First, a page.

“We’ve got two issues here,” Biedscheid said. “One is speed to mitigate any harm to this company, in terms of a determination and an open-ended ‘Well, maybe things will work out when people come back from vacation,’ in the current environment isn’t cutting it.”

Biedscheid gave Graham until Thursday morning to respond to the latest test Sacred Garden commissioned and said he was prepared to schedule another timely hearing if needed. 

“I’m not comfortable saying that I’m going to override the department, and it’s going to go to retail,” Biedscheid said.

First day of NM legal cannabis sales surpasses $2 million

Friday marked the first day of legal, recreational-use cannabis sales in New Mexico, nearly a year after Gov. Michelle Lujan Grisham signed the Cannabis Regulation Act. 

Lujan Grisham spoke with reporters in Albuquerque at Everest Apothecary, a cannabis dispensary. She said she was “excited” to see New Mexico finally take part in a legal adult-use cannabis industry.  

“Today is like the fruition of a ton of work by a lot of incredible people making sure that New Mexicans have access to recreational adult-use cannabis in exactly the way they want and it’s a huge economic opportunity for the state and I’m feeling terrific,” Lujan Grisham said. Lujan Grisham told reporters on Friday that she estimates the state could see about $50 million in cannabis tax revenue in a year.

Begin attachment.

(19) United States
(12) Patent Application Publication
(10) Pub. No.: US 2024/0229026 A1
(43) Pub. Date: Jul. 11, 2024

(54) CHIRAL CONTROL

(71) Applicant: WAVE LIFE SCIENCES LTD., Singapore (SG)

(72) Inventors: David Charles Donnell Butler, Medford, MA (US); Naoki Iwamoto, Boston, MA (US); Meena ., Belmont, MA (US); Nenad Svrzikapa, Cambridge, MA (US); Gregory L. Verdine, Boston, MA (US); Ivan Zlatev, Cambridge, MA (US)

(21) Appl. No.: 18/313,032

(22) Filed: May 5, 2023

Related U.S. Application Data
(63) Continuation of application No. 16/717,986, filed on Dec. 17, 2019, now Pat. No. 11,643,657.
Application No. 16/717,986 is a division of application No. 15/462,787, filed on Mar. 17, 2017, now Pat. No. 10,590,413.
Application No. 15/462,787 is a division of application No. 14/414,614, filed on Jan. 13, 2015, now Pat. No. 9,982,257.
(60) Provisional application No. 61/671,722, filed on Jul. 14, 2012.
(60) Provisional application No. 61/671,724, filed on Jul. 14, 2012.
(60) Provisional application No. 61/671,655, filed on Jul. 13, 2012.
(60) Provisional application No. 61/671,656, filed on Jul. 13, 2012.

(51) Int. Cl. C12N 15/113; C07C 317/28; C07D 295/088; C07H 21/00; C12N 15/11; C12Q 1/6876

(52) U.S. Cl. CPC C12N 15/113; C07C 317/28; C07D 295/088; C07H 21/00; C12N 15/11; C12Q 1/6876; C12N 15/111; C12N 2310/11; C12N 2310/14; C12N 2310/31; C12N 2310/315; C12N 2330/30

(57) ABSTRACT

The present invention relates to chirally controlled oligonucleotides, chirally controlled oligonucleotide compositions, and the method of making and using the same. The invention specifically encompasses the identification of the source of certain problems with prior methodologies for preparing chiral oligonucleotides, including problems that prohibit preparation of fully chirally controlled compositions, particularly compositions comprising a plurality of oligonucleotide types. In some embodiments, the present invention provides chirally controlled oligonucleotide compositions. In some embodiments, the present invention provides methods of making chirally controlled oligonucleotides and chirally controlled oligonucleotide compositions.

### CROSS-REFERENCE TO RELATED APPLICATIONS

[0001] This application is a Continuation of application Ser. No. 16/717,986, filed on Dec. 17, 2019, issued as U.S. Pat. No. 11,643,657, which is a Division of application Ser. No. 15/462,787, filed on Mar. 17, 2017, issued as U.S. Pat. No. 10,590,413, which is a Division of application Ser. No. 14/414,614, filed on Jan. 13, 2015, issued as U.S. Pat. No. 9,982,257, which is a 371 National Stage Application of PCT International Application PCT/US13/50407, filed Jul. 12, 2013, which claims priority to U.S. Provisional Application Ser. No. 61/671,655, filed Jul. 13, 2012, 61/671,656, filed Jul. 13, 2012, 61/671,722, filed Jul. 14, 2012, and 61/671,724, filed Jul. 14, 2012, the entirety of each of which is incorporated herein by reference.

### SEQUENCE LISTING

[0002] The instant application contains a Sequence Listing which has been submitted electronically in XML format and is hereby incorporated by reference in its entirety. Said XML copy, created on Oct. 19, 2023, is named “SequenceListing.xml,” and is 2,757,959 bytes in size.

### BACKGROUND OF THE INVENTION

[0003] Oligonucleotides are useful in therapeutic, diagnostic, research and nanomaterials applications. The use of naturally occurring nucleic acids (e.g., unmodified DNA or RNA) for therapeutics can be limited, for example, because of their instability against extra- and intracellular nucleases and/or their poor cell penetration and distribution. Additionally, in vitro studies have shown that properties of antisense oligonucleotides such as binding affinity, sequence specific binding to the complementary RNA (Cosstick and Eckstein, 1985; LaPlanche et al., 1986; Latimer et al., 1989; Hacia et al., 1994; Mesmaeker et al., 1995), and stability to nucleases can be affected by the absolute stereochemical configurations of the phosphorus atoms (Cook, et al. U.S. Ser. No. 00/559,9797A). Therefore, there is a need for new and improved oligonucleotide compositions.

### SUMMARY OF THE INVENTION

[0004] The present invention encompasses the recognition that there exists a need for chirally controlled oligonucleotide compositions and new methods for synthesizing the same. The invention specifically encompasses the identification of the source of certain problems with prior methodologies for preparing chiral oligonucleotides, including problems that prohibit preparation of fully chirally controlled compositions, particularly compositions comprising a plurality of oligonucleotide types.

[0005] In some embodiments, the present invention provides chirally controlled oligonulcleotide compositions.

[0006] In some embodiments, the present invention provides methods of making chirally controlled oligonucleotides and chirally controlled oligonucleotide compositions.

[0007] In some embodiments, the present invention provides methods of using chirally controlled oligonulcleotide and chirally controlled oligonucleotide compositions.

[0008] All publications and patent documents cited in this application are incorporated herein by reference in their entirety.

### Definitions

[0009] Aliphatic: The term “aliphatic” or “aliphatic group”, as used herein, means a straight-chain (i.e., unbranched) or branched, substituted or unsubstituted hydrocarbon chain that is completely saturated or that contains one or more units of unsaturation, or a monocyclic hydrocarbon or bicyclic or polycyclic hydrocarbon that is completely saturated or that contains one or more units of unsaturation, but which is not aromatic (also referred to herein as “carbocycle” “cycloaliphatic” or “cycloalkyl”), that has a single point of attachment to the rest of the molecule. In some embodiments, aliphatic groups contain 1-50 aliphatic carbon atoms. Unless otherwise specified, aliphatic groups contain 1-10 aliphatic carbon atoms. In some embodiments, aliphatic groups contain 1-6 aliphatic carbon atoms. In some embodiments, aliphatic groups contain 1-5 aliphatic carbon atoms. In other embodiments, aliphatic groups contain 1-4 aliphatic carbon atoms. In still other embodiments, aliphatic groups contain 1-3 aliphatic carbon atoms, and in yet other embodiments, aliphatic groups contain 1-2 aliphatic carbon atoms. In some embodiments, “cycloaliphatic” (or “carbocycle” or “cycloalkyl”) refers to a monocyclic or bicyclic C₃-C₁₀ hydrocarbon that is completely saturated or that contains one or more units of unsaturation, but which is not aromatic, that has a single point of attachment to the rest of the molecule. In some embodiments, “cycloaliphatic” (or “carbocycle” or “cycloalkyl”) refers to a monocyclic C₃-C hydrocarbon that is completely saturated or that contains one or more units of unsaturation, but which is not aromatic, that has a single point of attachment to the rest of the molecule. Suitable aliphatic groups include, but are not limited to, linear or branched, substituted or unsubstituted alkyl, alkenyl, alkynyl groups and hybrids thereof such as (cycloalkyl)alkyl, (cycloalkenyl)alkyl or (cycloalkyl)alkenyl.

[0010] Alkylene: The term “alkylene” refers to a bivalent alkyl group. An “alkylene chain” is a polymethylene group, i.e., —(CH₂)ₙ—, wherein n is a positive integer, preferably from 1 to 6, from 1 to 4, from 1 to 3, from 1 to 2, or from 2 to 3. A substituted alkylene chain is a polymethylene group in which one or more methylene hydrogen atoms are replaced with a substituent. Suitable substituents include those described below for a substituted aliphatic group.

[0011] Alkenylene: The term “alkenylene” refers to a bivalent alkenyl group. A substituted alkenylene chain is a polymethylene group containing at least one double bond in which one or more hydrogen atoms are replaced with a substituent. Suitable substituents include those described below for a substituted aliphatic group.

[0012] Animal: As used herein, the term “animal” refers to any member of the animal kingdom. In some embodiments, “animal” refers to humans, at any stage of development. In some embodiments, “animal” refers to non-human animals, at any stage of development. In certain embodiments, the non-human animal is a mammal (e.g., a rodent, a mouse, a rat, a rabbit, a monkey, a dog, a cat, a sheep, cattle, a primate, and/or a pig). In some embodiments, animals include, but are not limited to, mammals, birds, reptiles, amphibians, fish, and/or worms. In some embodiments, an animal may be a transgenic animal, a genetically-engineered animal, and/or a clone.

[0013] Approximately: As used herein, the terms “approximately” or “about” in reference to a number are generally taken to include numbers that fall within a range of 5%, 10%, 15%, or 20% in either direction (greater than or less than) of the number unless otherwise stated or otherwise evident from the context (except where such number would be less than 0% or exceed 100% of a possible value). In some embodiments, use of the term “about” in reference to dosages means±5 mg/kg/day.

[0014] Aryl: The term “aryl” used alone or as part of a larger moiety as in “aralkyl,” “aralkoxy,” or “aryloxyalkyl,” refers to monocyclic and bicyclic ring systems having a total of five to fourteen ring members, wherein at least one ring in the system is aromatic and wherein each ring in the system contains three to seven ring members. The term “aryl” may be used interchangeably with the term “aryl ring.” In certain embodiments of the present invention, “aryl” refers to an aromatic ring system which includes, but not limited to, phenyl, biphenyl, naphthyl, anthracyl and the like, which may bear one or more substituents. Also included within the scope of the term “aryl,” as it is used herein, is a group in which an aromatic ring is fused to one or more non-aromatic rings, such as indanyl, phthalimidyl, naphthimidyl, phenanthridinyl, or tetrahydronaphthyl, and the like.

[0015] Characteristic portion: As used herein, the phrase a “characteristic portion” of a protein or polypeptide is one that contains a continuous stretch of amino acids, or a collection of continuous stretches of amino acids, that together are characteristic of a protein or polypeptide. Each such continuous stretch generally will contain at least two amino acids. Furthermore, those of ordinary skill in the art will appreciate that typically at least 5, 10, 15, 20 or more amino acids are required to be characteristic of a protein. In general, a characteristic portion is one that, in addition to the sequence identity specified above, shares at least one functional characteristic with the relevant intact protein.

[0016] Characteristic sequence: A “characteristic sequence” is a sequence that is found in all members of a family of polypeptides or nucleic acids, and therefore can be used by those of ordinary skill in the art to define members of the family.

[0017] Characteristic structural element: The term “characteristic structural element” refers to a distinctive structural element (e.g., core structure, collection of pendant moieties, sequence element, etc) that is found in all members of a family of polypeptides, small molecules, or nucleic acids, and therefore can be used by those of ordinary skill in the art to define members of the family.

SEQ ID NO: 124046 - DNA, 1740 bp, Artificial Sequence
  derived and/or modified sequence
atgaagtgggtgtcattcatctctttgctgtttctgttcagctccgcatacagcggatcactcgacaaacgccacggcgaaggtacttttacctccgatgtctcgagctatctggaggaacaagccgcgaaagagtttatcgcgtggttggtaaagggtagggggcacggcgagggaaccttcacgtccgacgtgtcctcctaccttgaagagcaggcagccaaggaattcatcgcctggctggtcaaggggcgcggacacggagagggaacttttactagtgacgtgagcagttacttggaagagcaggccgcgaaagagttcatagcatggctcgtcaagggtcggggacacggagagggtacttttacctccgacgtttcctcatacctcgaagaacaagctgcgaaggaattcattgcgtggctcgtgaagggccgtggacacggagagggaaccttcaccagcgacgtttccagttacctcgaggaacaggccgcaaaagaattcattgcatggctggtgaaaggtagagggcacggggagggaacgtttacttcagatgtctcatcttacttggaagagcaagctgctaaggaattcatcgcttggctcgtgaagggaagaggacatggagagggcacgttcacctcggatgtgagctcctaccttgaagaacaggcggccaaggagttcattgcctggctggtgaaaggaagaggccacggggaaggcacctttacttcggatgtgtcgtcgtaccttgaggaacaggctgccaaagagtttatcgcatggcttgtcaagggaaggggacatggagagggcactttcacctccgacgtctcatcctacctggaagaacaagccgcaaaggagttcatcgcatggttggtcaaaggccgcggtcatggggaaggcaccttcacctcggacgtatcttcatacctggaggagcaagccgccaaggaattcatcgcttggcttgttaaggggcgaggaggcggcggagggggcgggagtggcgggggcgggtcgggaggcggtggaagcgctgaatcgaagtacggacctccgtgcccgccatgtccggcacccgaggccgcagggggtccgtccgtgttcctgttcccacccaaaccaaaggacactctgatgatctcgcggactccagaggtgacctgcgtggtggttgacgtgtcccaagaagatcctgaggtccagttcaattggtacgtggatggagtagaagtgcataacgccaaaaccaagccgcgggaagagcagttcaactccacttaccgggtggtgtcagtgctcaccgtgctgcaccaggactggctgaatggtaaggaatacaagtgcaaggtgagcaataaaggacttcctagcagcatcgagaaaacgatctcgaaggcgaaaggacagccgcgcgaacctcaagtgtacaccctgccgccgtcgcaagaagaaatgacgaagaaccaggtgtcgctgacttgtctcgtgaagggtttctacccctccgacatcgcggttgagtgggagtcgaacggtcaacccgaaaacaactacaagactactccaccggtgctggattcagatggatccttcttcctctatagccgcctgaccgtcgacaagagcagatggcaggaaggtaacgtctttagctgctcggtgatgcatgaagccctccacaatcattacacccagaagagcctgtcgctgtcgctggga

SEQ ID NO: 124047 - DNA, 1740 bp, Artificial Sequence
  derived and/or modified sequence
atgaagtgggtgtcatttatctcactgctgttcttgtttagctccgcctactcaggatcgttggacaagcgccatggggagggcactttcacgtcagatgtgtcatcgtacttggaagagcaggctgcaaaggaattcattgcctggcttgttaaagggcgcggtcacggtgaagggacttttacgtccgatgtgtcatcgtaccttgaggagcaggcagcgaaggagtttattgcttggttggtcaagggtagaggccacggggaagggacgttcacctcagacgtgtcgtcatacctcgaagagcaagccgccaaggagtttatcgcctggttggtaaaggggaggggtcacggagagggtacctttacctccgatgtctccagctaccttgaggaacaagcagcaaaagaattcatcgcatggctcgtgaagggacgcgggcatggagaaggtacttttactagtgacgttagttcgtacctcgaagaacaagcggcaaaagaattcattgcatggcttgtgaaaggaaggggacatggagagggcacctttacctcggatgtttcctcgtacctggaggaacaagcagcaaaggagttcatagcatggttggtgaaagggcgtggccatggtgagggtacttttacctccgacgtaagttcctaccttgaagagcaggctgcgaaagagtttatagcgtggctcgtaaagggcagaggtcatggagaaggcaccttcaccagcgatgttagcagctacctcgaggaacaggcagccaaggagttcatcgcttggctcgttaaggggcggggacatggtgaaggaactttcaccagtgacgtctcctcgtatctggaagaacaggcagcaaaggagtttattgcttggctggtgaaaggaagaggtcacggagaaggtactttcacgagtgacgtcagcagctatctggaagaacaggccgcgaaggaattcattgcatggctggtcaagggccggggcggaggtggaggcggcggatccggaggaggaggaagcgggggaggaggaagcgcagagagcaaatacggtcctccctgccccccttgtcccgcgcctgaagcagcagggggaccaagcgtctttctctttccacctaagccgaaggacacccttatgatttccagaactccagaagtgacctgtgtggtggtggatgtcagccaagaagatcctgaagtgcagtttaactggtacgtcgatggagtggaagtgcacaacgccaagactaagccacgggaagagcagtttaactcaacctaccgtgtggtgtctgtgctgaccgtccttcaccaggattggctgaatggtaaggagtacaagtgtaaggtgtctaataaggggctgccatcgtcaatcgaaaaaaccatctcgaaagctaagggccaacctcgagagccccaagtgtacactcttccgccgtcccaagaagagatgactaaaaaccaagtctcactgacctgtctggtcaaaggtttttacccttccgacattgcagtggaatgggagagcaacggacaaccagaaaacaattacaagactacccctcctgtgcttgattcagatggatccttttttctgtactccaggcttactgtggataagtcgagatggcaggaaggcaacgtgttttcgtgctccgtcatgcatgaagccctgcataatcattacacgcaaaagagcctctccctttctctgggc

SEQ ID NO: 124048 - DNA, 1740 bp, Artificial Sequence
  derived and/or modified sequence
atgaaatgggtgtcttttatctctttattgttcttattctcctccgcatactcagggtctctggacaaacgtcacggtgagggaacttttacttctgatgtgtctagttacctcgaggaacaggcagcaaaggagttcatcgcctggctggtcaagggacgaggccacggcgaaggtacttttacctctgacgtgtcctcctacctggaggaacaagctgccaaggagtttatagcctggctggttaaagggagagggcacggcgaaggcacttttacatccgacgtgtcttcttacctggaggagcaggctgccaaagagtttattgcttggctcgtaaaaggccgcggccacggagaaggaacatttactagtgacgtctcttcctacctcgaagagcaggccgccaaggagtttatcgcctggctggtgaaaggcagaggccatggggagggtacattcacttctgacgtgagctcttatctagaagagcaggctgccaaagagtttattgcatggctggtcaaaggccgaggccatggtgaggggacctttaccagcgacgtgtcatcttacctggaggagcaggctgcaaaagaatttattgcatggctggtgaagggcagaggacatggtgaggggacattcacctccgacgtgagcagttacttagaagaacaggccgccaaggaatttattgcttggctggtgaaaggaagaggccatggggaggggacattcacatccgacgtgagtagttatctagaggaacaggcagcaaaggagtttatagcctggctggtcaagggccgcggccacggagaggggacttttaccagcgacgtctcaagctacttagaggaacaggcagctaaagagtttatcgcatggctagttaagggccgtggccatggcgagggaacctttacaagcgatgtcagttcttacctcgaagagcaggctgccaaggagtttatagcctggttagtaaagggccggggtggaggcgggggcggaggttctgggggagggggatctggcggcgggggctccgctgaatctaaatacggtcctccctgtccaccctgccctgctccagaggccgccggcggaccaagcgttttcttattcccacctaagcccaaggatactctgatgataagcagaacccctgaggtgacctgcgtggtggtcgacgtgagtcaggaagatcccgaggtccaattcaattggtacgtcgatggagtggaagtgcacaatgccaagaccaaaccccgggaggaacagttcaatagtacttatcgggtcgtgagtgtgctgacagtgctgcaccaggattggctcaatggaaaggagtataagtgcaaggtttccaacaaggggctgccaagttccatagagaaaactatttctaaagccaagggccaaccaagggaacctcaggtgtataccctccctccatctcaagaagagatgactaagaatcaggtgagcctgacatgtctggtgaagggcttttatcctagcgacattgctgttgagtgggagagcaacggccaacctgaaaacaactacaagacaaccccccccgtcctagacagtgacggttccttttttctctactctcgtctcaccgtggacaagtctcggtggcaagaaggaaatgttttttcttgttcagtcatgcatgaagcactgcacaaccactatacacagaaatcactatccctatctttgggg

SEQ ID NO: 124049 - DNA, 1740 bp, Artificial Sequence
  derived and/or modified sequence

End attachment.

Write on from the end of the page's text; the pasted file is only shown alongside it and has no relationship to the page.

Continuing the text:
Victor Reyes, the deputy superintendent of the New Mexico Regulation and Licensing Department, which oversees the Cannabis Control Division, praised the department’s staff for preparing for recreational-use sales in about 10 months.  

“We stood up a brand new industry for our state in less than a year,” Reyes told NM Political Report. “That is something that other states couldn’t even think about doing, and we did it because we knew that it was important from our values perspective, to make sure that recreational cannabis was legalized and done so quickly.”

According to The Cannabis Control Division, total sales on Friday surpassed the $2 million mark as of 5 p.m. 

While the Cannabis Regulation Act limits some restrictions from municipalities and counties, local governments can and have passed ordinances specifying allowable operating hours for cannabis retail businesses. In Santa Fe, for example, dispensaries were allowed to open as early as 7 a.m. and cannabis retailers could open their doors at 10 a.m., but one southern New Mexico city saw legal cannabis sales start just after midnight.